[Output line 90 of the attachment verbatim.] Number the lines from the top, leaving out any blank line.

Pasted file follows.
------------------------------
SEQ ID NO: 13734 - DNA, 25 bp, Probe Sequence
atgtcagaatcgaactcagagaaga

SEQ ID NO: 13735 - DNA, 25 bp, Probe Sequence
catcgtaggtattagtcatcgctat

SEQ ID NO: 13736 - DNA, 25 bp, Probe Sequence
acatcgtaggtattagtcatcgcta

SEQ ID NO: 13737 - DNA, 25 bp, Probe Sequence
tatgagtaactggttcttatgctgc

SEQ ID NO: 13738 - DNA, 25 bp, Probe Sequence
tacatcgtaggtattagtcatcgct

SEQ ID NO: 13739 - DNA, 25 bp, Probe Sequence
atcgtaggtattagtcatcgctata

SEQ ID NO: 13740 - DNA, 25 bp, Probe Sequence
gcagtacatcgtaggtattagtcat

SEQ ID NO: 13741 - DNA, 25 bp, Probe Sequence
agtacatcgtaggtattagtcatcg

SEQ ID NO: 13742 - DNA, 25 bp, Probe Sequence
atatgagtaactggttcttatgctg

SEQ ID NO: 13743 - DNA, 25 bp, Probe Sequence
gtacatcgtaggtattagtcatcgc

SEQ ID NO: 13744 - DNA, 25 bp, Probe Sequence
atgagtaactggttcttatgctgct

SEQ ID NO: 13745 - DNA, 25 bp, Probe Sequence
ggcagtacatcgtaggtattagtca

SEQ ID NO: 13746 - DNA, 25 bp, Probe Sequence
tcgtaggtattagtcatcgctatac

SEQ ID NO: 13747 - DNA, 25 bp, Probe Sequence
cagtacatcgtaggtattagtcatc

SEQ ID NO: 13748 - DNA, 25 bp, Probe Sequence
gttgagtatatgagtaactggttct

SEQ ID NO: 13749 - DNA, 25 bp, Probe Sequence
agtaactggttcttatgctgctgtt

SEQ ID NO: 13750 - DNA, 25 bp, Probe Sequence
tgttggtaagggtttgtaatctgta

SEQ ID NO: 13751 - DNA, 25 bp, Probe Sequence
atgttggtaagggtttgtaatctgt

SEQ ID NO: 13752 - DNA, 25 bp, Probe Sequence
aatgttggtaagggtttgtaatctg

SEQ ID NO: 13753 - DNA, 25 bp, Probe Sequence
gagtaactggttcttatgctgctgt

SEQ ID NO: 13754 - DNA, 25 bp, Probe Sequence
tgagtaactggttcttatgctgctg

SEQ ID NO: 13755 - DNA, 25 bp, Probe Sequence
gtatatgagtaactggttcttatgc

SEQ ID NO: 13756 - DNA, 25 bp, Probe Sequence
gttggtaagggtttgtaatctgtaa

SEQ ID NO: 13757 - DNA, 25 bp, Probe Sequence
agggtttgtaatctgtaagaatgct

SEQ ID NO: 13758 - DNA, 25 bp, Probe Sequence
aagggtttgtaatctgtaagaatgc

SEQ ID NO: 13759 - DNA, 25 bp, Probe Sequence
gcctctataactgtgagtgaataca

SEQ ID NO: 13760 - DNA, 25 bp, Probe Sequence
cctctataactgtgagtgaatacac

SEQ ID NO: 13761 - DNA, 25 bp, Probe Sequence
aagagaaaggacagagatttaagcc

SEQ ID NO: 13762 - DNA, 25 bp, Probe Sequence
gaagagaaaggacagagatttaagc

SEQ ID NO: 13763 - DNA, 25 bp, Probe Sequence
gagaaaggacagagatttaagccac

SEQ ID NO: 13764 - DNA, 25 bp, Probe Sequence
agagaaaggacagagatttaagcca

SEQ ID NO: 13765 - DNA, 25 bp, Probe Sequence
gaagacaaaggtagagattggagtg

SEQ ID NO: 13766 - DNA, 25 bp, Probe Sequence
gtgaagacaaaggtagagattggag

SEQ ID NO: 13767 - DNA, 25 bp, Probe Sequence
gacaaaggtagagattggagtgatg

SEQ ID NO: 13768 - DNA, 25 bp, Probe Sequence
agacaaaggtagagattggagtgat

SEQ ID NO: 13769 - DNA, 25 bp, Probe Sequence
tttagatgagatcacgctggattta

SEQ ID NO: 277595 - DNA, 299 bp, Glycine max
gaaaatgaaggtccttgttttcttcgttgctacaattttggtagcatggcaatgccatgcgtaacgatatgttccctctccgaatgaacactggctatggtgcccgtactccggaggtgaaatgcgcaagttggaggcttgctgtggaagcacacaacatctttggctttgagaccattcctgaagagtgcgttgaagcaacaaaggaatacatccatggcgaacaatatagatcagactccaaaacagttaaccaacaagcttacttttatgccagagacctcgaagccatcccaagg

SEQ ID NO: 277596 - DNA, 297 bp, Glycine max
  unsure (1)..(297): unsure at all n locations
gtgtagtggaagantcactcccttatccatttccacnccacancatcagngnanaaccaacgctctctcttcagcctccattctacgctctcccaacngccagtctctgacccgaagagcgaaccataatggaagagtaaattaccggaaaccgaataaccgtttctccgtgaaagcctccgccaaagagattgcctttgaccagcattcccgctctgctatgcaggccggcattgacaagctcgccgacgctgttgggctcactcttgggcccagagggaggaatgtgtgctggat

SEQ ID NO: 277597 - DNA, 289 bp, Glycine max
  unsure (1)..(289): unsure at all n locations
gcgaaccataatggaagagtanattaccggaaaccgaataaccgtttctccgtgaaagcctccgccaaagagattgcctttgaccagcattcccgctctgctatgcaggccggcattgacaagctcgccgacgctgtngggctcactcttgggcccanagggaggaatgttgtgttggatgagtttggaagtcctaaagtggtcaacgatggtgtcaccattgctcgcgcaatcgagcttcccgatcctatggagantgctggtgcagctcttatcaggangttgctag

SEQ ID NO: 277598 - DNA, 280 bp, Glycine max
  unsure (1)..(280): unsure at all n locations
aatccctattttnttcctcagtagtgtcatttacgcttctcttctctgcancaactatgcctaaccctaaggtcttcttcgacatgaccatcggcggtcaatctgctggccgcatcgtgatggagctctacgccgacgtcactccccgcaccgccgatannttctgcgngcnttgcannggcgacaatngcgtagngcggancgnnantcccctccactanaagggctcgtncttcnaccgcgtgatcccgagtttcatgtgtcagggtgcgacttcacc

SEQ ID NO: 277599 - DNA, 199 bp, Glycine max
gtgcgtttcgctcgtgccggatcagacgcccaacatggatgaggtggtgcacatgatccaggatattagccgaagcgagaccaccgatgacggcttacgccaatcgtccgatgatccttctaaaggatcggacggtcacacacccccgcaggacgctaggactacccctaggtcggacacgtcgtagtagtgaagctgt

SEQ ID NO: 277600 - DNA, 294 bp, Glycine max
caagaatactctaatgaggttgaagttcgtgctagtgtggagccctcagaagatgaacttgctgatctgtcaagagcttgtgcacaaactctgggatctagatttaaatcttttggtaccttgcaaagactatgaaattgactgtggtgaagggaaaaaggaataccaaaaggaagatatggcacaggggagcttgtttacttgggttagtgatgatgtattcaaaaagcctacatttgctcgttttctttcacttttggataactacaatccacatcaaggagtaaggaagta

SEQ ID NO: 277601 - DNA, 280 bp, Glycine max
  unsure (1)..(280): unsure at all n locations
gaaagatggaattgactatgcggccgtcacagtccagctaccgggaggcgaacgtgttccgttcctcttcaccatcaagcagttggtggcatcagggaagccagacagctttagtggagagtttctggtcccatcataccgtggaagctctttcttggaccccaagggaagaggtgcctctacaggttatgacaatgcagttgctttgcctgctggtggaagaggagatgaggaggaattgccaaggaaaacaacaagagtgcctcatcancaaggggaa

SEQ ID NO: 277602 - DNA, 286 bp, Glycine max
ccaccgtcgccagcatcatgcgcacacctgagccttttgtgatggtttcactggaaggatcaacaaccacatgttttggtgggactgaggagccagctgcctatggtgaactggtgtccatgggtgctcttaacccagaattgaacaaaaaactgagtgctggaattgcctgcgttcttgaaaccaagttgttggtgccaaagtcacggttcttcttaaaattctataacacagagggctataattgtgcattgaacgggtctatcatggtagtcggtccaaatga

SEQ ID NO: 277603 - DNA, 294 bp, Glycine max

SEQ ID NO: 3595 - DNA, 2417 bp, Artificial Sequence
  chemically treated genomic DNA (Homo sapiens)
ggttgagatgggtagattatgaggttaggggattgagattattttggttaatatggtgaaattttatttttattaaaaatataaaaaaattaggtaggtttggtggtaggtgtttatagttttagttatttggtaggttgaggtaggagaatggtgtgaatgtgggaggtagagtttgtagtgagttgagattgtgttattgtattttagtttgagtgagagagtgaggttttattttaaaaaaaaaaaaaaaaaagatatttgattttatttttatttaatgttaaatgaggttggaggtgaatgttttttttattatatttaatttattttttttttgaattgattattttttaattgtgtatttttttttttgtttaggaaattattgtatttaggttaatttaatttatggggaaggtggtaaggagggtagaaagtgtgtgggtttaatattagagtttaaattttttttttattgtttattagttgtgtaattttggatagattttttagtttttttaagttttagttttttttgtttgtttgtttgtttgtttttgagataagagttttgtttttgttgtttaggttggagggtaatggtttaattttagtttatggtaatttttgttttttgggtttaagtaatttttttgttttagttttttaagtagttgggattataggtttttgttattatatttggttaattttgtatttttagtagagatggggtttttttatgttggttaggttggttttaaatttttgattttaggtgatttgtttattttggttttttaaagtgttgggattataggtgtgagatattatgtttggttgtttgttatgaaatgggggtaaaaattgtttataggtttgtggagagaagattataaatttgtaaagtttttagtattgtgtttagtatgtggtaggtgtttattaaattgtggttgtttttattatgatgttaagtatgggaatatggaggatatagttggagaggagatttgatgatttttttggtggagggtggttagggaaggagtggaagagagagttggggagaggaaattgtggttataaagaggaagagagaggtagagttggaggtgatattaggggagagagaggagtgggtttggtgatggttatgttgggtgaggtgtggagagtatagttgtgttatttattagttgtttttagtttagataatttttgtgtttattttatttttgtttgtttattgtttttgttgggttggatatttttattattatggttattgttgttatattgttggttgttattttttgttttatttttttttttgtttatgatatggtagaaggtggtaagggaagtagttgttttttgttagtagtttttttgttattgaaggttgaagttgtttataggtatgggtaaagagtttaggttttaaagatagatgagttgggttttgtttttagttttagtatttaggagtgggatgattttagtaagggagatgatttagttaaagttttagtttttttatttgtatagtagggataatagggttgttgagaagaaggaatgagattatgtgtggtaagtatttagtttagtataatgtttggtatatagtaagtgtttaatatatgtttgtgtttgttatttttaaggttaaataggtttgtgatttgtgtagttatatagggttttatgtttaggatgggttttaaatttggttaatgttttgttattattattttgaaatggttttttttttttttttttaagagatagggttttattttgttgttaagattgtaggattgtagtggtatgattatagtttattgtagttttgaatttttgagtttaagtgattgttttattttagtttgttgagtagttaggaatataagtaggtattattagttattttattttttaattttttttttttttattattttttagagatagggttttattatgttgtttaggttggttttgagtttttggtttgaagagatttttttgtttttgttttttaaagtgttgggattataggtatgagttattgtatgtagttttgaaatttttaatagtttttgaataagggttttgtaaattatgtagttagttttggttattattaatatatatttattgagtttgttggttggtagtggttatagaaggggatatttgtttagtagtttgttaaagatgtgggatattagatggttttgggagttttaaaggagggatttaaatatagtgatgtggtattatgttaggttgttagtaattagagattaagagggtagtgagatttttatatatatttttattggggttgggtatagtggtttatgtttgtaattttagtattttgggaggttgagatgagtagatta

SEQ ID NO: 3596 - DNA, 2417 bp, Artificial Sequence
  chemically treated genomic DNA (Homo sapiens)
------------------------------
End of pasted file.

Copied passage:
gaaagatggaattgactatgcggccgtcacagtccagctaccgggaggcgaacgtgttccgttcctcttcaccatcaagcagttggtggcatcagggaagccagacagctttagtggagagtttctggtcccatcataccgtggaagctctttcttggaccccaagggaagaggtgcctctacaggttatgacaatgcagttgctttgcctgctggtggaagaggagatgaggaggaattgccaaggaaaacaacaagagtgcctcatcancaaggggaa